Nolan Hildebrand

Composer in Residence


             Nolan Hildebrand is a composer, improviser, researcher, and noise artist based in Toronto, Canada. Nolan’s music practices are centered around noise. Through noise, Nolan explores conceptual and physical extremities to create intense and engaging music. His compositions span classical ensembles and electroacoustic music, and performance in an experimental solo noise project dubbed BLACK GALAXIE.

             As a performer, Nolan has played at the Cluster Music Festival and the Winnipeg New Music Festival Pop Up Concerts with the University of Manitoba’s Xperimental Improv Ensemble, and NUMUS’ 2021-22 season (Waterloo, Ontario), ExitPoints #26 & #34, and the 4th Edmonton NoiseFest as BLACK GALAXIE. Nolan has had opportunities to work with the Winnipeg Symphony Orchestra, ECM+ Ensemble, XelmYa Ensemble, Jonny Axelsson, Nick Photinos and has attended masterclasses with Donnacha Dennehy, Ana Sokolovic, and Luca Cori. His music has been performed in Canada, the United States, Germany, the United Kingdom, and Switzerland. He has presented his music and research at the CUNY Conference for Graduate Students in Music (NYC, New York), the Anestis Logothetis Centenary Symposium (Athens, Greece), the CeReNeM Composers’ Colloquia (Huddersfield, UK), and the Korean Electro Acoustic Music Society’s Annual Conference (Seoul, Korea). Nolan has been the recipient of numerous composition prizes including a SOCAN award and the TORQ Percussion Composition Competition and academic grants including the Masters SSHRC award and the Ontario Graduate Scholarship.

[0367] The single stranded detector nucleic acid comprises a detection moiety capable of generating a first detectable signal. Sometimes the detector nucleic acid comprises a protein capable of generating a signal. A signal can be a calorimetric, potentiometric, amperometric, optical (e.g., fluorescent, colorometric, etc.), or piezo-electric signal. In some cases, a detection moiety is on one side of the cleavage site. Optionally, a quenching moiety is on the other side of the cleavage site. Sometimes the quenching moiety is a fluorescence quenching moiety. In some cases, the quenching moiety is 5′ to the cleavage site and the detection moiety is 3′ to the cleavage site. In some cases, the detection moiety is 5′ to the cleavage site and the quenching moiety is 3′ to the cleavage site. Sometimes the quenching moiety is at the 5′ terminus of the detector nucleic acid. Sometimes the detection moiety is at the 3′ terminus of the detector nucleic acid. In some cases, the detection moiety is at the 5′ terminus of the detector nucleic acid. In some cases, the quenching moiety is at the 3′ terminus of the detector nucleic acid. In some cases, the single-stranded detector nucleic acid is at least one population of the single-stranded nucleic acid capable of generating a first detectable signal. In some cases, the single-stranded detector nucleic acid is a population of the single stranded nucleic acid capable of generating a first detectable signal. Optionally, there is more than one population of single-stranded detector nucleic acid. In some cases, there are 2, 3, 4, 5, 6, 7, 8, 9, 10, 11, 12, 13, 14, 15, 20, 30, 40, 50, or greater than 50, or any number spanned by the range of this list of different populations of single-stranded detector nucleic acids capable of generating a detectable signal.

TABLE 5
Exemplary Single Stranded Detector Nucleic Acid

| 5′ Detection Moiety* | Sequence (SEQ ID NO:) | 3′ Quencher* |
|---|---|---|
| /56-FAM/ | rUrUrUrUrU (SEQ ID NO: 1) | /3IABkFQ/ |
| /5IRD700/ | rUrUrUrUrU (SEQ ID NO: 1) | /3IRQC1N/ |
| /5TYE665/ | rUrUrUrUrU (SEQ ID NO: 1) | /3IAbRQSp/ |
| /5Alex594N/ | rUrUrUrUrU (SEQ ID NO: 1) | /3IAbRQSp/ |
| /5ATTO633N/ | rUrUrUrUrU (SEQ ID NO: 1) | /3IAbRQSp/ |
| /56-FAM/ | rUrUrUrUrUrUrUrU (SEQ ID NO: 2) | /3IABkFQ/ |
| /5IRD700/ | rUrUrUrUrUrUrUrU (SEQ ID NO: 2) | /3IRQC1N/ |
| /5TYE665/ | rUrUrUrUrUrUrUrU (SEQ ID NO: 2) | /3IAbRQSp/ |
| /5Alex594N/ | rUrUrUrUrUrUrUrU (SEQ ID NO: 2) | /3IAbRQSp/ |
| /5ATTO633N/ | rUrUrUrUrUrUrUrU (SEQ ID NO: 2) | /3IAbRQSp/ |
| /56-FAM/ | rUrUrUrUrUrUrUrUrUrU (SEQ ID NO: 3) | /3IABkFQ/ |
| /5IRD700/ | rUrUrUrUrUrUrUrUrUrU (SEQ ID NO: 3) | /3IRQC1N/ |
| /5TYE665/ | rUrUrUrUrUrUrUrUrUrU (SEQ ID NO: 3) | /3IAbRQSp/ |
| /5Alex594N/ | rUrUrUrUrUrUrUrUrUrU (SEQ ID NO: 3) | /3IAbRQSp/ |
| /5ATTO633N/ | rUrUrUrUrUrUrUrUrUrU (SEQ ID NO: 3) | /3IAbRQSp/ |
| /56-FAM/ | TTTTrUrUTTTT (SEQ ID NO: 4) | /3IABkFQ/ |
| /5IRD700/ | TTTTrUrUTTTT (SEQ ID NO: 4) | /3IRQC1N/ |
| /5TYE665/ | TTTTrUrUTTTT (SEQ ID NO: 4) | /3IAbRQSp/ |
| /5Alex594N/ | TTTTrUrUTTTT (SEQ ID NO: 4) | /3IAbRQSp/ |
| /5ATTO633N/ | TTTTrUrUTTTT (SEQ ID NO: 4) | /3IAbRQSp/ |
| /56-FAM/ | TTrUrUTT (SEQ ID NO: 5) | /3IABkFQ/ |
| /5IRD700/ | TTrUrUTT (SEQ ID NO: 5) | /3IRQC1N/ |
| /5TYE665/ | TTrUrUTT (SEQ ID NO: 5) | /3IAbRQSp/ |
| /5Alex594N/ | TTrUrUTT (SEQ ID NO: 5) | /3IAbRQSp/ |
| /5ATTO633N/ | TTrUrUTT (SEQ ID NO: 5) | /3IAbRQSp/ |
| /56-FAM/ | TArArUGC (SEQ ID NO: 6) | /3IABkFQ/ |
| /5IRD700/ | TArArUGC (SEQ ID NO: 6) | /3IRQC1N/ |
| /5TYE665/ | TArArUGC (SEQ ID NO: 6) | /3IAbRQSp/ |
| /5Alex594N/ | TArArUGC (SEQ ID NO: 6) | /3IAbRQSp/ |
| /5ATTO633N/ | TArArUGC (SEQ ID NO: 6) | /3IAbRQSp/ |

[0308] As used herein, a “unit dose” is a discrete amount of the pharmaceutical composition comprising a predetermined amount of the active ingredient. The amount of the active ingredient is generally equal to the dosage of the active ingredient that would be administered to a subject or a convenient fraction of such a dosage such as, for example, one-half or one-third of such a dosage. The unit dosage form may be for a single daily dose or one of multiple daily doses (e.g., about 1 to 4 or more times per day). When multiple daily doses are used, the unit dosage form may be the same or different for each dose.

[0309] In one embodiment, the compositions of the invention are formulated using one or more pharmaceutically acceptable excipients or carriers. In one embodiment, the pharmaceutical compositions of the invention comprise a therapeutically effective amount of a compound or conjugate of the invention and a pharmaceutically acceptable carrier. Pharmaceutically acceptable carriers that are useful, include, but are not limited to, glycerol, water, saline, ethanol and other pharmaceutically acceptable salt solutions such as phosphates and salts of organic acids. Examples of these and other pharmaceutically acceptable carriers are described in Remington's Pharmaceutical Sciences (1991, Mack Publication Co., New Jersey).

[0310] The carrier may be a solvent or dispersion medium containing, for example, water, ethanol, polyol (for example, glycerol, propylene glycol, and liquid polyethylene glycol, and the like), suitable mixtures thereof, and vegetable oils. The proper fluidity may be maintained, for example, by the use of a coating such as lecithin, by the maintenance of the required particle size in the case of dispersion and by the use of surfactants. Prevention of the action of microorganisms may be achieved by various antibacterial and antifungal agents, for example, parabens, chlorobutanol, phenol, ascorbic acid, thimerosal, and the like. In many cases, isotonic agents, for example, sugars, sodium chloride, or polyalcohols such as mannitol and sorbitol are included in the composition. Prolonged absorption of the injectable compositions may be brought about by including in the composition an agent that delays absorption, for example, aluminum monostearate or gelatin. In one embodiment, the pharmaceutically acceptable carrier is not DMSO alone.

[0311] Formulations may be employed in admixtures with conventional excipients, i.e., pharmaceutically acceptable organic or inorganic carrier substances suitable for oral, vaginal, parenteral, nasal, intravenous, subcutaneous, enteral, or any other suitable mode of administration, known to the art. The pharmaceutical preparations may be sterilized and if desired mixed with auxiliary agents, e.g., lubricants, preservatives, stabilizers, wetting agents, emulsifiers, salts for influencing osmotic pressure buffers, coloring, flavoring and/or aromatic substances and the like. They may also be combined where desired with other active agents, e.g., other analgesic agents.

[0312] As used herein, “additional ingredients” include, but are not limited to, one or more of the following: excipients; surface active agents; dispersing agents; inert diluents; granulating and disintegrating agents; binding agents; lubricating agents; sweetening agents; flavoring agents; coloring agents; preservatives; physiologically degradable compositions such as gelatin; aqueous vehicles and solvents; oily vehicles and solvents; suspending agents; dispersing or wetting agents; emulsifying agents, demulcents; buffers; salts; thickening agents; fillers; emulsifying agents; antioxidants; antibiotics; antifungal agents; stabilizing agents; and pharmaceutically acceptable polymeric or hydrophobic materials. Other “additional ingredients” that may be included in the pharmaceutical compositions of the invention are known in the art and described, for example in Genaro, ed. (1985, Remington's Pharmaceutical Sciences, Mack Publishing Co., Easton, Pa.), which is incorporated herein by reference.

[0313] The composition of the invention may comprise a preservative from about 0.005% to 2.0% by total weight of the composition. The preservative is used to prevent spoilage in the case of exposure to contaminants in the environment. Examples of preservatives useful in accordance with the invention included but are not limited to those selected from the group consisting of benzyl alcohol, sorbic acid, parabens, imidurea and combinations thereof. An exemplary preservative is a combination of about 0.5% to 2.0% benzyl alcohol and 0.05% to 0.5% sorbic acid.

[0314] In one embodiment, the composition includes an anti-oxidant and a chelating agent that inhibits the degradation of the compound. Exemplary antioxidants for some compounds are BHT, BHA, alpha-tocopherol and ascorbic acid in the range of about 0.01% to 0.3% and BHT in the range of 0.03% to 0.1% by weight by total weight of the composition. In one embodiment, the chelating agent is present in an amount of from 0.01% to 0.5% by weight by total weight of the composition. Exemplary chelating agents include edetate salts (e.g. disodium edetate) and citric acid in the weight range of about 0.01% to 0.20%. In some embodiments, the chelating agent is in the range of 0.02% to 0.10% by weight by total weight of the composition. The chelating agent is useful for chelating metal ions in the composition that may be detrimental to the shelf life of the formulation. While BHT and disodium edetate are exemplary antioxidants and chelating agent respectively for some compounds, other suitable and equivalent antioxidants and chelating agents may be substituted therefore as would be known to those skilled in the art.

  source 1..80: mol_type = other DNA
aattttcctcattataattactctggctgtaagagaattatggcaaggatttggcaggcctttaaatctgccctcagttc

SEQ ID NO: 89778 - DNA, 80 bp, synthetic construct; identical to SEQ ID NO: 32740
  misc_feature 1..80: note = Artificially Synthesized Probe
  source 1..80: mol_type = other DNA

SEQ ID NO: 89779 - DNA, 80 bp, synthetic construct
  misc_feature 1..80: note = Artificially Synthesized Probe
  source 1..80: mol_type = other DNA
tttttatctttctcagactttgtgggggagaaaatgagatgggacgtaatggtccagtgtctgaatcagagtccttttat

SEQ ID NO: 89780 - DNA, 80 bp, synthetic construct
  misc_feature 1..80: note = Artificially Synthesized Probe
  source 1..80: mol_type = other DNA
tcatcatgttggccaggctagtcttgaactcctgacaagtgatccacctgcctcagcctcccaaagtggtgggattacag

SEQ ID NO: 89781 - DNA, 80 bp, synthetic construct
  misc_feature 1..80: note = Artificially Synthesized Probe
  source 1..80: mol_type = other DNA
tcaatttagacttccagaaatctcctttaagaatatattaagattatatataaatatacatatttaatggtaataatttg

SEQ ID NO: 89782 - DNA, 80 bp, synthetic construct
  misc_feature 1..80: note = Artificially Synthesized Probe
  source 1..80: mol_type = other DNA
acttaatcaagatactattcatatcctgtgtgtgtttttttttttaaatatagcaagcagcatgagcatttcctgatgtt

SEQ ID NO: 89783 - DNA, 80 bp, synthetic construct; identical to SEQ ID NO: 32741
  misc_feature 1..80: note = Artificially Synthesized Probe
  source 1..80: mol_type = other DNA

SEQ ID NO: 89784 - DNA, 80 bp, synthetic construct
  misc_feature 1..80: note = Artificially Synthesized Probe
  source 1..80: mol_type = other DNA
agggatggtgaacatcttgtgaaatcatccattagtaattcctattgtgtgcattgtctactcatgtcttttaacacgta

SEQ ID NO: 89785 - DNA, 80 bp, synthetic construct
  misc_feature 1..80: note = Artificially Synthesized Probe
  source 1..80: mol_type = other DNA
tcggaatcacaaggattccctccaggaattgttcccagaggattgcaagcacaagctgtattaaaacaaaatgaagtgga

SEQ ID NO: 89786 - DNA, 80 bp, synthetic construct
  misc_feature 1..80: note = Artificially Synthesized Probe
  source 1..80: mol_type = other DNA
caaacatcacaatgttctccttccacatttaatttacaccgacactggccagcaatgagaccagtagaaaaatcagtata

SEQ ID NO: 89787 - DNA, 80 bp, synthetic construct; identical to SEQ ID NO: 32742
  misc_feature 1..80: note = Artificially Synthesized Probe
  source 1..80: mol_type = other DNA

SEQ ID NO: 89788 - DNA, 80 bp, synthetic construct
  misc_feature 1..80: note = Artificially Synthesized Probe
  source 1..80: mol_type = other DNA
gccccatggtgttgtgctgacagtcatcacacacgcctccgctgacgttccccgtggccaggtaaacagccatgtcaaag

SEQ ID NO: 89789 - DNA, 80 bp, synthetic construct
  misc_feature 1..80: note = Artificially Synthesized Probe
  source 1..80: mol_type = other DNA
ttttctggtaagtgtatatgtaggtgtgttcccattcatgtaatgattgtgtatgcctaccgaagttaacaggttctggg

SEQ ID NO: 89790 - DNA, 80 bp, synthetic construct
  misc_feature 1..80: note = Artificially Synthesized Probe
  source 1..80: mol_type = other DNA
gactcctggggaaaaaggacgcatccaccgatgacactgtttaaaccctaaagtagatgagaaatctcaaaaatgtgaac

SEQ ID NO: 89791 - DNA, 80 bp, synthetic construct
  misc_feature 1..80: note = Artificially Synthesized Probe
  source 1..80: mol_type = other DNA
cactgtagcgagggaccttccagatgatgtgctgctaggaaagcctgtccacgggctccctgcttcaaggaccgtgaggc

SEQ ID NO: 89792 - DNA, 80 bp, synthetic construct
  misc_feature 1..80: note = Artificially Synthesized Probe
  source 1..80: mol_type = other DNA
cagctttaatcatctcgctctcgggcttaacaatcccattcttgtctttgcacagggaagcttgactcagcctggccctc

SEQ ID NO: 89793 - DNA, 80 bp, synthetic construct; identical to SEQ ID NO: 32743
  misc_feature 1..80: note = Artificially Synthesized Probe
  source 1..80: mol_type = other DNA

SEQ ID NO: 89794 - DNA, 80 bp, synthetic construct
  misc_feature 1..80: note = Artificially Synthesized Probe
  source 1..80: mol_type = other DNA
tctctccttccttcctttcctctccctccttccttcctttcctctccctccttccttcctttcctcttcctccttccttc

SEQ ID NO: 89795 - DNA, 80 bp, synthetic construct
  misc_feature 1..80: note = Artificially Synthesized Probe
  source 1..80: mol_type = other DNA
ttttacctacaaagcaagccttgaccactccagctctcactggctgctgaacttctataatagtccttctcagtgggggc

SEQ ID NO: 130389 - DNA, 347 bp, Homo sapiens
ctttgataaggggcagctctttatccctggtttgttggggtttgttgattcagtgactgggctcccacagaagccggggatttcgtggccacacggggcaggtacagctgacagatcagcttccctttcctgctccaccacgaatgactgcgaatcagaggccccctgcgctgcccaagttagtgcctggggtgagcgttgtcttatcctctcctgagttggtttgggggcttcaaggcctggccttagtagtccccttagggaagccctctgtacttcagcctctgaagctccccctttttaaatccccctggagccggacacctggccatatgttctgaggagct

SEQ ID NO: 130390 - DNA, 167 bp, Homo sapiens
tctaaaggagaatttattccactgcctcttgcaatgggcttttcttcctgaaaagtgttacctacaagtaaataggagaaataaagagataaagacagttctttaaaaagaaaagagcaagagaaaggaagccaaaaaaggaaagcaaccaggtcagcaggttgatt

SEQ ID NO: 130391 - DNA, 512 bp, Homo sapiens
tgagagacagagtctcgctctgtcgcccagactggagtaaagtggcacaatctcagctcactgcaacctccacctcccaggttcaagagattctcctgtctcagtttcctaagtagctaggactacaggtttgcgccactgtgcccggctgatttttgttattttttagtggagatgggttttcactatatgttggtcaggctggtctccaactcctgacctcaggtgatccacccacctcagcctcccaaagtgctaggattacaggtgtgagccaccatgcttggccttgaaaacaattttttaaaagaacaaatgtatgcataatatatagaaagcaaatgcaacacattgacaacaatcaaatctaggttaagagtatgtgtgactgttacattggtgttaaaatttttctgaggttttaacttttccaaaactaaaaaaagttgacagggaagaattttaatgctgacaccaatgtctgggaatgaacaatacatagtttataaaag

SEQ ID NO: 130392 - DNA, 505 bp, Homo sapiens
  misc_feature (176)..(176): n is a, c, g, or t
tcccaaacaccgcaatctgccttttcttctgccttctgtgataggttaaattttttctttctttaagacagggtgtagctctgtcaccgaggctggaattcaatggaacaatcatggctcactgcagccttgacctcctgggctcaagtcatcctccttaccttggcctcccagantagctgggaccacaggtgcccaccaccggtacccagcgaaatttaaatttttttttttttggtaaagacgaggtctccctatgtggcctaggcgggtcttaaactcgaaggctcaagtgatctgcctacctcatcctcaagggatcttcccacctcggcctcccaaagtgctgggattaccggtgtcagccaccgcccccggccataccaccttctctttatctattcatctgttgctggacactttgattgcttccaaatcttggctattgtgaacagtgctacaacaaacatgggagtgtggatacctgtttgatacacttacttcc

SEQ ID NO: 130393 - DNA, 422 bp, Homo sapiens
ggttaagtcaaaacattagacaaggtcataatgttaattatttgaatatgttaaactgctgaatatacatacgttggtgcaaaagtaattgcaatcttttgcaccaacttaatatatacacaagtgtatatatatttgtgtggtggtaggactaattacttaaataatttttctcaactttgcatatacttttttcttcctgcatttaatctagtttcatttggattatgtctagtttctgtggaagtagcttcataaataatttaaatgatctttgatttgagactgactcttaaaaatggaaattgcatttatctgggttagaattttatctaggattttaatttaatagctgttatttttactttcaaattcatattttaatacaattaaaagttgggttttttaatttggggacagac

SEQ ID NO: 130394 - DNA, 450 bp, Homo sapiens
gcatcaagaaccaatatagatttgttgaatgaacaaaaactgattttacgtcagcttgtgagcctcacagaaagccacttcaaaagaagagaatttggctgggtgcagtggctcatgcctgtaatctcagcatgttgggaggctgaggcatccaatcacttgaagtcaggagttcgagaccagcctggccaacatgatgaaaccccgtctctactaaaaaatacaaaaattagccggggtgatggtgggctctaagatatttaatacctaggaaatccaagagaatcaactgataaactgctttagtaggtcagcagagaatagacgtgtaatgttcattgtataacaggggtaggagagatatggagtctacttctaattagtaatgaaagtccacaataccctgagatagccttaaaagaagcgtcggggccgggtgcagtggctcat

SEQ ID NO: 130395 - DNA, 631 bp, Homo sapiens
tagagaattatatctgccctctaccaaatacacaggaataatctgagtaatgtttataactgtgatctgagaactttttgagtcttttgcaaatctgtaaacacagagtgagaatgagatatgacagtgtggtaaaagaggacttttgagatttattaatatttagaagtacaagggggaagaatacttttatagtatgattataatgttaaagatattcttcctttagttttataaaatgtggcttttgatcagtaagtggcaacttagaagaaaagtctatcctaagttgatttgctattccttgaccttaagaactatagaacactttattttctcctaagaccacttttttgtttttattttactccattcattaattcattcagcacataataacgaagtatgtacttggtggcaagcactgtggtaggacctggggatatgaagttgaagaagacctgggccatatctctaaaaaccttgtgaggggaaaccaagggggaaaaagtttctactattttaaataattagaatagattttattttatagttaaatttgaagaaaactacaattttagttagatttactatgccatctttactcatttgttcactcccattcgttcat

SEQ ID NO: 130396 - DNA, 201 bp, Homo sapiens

Nolan completed his BMus with Dr. Gordon Fitzell at the University of Manitoba and an MMus under the supervision of Dr. Eliot Britton at the University of Toronto. He is currently pursuing a DMA at the University of Toronto with a focus on graphic notation and electroacoustic music under the guidance of Dr. Kotoka Suzuki and Dr. Eliot Britton.

Nolan Hildebrand


Performers: Andrew Bell, Nikki Huang, Hoi Tong Keung, Thomas Li, Bevis Ng, Jasmine Tsui,

 DADA BENDER is a piece of music written for six percussionists and six loudspeakers. The music in DADA BENDER was created using noisy electronic sounds derived from raw data sonifications and improvisations on a no-input mixer. Raw data sonification is the process of mapping aspects of data to produce sound signals. Sonifying raw data often creates glitchy digital noise and is sometimes referred to as data bending. No-input mixing creates sounds by routing a mixer’s outputs back into its inputs to create feedback loops. Like raw data sonifications, no-input mixing creates sound through misuse. These noisy, skronky electronic sounds were chopped, arranged, and quantized, into rhythms and gestures that were then orchestrated for the percussionists.

Noise music has always been strongly connected to Dadaism. Dadaism inherited the term anti-art from Marcel Duchamp who constantly challenged accepted definitions of art. Noise music too has constantly challenged the idea of what music is through relentless abstract forms, ugly sounds, and high amplitude. Today, the connections between noise music and Dadaism are exemplified through the godfather of noise music, Merzbow who derives his stage name from Dada artist Kurt Schwitters and his concept of Merz.